‘Nothing’s changed, And English boys without your names, Riot like the 1980’s again’ 1


Well, well, the pollsters got it right, the so-called main parties suffered a wipe out in last weeks’ EU elections. Whilst the Brexit party, only 6-weeks old secured 32% of the vote

Both parties fully deserved what they got; Labour and its supposed Leader paid the price for having no policy on Brexit. He simply isn’t a future PM; how can we elect a man that looks like Albert Steptoe?

And one so vindictive, the decision to expel Alastair Campbell for voting Lib Dem was just spiteful, ands sums up the failings of the leadership

As to the Tories, a ship without a rudder and 11 prospective Captains. I know 11, total madness.

‘how can we elect a man that looks like Albert Steptoe?’

Better still, their #1 choice and Tory housewife’s pin-up, Boris Johnson is facing accusations of misconduct in public office for repeatedly claimed during the 2016 EU referendum that the UK sent £350m a week to Brussels. I expect he will have a bulging sack of letter from ladies in the shires…………

Yet again this column has called it correctly; the success of the Brexit part is already having a significant impact of the Tory leadership elections, with hard-right No Deal Brexiters such as Johnson and Raab to the fore.

In expectation of this, or perhaps to counter them, the Chancellor, Philip Hammond has warned the next Conservative leader that MPs could bring down the government if they pursue a no-deal Brexit.

There has been talk of a candidate being elected to unify the party, but that seems a forlorn hope, this lot are too far gone.

‘Same old, same old: they are hopelessly split, and compromise doesn’t seem an option’

Instead, attention is turning to Michael Gove, who is seen as the most moderate of the original leavers, with sufficient Brexiteer pedigree to appeal to party members who mistrust those choosing their Brexit positions in the spirit of reluctance, but who has also been critical of no deal, which may induce remainer Tories to consider him the least worst option.

‘I can see the remainer/one nation lot eventually backing Gove if he is the least hard Brexit of the true Brexiteers,’ said one Tory insider.

Same old, same old: they are hopelessly split, and compromise doesn’t seem an option. The right will likely carry the day as the party is too frightened of Farage and his hordes, it’s a rerun of Cameron and Farage in his UKIP days.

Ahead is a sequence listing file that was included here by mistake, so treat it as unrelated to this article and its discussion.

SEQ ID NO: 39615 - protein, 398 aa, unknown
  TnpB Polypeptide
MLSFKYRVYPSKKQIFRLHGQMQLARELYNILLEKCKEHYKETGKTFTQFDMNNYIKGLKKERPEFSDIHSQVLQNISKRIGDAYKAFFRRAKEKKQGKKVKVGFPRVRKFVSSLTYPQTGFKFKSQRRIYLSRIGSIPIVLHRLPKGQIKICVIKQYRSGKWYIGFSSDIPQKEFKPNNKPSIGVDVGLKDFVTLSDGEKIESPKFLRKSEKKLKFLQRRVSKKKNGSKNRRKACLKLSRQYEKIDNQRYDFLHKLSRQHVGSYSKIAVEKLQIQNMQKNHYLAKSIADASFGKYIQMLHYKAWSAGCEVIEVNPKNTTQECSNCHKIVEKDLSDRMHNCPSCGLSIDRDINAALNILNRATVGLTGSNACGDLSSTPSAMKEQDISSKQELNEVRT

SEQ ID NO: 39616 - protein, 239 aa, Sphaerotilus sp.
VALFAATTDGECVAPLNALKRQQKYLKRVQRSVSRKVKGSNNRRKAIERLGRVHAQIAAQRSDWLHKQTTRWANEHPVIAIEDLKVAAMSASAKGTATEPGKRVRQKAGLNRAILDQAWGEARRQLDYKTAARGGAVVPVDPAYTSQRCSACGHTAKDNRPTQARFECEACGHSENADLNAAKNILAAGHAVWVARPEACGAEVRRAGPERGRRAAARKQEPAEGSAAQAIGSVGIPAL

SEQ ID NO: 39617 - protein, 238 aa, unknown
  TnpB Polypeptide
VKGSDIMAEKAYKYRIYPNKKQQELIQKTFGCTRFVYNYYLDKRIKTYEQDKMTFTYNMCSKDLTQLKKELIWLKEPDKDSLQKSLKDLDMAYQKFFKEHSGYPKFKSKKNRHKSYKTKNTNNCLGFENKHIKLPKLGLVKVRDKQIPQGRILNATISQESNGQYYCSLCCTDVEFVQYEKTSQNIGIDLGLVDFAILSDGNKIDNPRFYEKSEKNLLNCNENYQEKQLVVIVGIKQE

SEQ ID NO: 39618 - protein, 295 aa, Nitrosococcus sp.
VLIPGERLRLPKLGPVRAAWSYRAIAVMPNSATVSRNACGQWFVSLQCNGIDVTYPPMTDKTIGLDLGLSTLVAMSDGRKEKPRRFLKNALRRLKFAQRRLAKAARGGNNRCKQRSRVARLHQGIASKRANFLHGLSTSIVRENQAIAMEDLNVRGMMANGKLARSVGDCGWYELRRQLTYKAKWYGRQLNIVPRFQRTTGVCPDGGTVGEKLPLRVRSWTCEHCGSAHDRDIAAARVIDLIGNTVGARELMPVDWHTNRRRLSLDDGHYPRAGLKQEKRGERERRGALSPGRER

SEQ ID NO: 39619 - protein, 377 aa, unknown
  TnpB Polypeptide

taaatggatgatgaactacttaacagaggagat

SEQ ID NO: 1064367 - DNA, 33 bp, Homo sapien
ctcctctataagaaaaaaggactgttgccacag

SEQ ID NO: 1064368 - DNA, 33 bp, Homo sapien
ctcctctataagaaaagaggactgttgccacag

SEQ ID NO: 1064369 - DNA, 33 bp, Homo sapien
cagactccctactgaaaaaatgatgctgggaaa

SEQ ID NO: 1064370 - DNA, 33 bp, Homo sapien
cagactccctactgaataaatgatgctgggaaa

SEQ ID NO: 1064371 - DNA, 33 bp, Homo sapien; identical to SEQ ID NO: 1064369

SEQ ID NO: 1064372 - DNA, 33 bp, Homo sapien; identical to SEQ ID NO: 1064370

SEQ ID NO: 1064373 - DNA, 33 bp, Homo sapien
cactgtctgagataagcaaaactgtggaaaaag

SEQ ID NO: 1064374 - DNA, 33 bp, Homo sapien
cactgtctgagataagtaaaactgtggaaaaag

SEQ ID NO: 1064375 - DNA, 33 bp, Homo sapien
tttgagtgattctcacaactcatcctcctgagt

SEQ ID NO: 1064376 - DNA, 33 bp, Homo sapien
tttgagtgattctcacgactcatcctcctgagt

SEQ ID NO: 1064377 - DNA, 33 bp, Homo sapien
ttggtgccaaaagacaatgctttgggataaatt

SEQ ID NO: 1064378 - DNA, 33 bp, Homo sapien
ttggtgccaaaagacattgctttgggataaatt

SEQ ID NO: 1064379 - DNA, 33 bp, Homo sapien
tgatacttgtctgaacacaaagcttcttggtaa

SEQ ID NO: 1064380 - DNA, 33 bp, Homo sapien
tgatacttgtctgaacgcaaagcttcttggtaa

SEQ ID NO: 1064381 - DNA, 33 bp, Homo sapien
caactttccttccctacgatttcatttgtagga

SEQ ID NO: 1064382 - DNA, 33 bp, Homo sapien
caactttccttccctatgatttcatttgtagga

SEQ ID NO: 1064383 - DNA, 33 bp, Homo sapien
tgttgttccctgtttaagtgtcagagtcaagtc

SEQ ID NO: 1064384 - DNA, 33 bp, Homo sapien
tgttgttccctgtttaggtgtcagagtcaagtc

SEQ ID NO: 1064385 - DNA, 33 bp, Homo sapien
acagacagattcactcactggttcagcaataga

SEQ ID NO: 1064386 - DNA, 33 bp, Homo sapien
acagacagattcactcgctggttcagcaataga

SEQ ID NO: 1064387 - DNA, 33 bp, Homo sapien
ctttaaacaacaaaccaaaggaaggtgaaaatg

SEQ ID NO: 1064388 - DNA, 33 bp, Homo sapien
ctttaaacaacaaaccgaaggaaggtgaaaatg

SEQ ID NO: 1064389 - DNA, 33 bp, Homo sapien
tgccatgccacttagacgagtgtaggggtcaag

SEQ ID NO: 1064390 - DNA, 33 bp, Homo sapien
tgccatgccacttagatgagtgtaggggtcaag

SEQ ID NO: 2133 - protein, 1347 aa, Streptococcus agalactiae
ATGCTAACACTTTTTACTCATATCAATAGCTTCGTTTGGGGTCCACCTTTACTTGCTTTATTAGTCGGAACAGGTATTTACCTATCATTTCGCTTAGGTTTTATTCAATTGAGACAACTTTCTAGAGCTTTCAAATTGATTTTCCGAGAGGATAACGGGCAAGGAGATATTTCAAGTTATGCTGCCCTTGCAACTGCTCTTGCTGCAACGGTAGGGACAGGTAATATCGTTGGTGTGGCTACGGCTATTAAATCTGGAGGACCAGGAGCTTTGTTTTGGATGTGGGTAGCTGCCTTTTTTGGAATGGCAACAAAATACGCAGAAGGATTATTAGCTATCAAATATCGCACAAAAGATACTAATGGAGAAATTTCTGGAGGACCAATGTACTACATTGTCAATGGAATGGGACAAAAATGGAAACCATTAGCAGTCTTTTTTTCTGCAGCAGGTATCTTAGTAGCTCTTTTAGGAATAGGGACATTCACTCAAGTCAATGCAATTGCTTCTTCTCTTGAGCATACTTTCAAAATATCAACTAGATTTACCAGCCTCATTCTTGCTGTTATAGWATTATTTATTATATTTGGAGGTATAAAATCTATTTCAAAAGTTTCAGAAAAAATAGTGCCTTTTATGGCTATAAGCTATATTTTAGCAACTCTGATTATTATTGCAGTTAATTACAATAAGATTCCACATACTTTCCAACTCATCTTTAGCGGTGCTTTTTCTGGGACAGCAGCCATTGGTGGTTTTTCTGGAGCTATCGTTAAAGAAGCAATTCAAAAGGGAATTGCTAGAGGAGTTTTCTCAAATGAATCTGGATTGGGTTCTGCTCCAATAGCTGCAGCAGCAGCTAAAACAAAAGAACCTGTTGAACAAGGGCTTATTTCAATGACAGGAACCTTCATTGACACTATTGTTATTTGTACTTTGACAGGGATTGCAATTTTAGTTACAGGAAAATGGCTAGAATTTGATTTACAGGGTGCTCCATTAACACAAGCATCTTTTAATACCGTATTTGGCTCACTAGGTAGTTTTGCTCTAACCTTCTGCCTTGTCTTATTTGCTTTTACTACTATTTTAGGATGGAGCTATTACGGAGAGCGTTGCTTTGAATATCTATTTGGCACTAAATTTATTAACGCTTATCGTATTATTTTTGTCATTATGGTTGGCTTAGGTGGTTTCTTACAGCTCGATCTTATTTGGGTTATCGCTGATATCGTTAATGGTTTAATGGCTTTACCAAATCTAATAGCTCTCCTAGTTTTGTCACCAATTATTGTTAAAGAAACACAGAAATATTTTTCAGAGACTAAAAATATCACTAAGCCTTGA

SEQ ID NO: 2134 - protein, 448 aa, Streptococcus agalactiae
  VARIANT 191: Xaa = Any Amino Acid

‘Directionless so plain to see, A loaded gun won’t set you free…’ 2


And there will be no let up on the pressure on the new tory leader with Nigel Farage saying that if Britain did not leave on 31st October, then his new party would face down the Conservatives and Labour at the next general election.

Those dismissing Farage and his hordes as a one-cause wonder or dismissing the EU election results as protest votes with people ‘returning home’ when we have a general election are missing the point.

Farage correctly points out that the electoral system and the main parties are broken and not fit for purpose, and is potentially reshaping the right of politics.

Just as he used the 2014 European election result to force the Tories into offering the 2016 referendum, he will use the 2019 result to push the Tories into backing a no-deal exit by making the end of October deadline firm.

‘the main parties are broken and not fit for purpose, and is potentially reshaping the right of politics’

And, Farage’s message goes beyond Brexit, it’s almost a full-frontal assault on the establishment. In tactics reminiscent of the ‘stab-in-the-back’ policy first adopted by the far right in Germany in the 1920s, and a feature of the Nazi party, Farage repeatedly claimed that the British negotiating team were the ‘enemy within’, that May’s deal could ‘only have been signed by a nation defeated in war’, and that the people had been ‘betrayed’.

All of this is reminiscent of the Trump playbook: undermine sources of facts so that people are left to trust only their instincts, not institutions.

A good example of this is his demand for a place in the UK’s EU negotiating team, trumpeting the business experience of many of his party’s candidates what he means is this is his strategy to avoid the blame in no-deal chaos.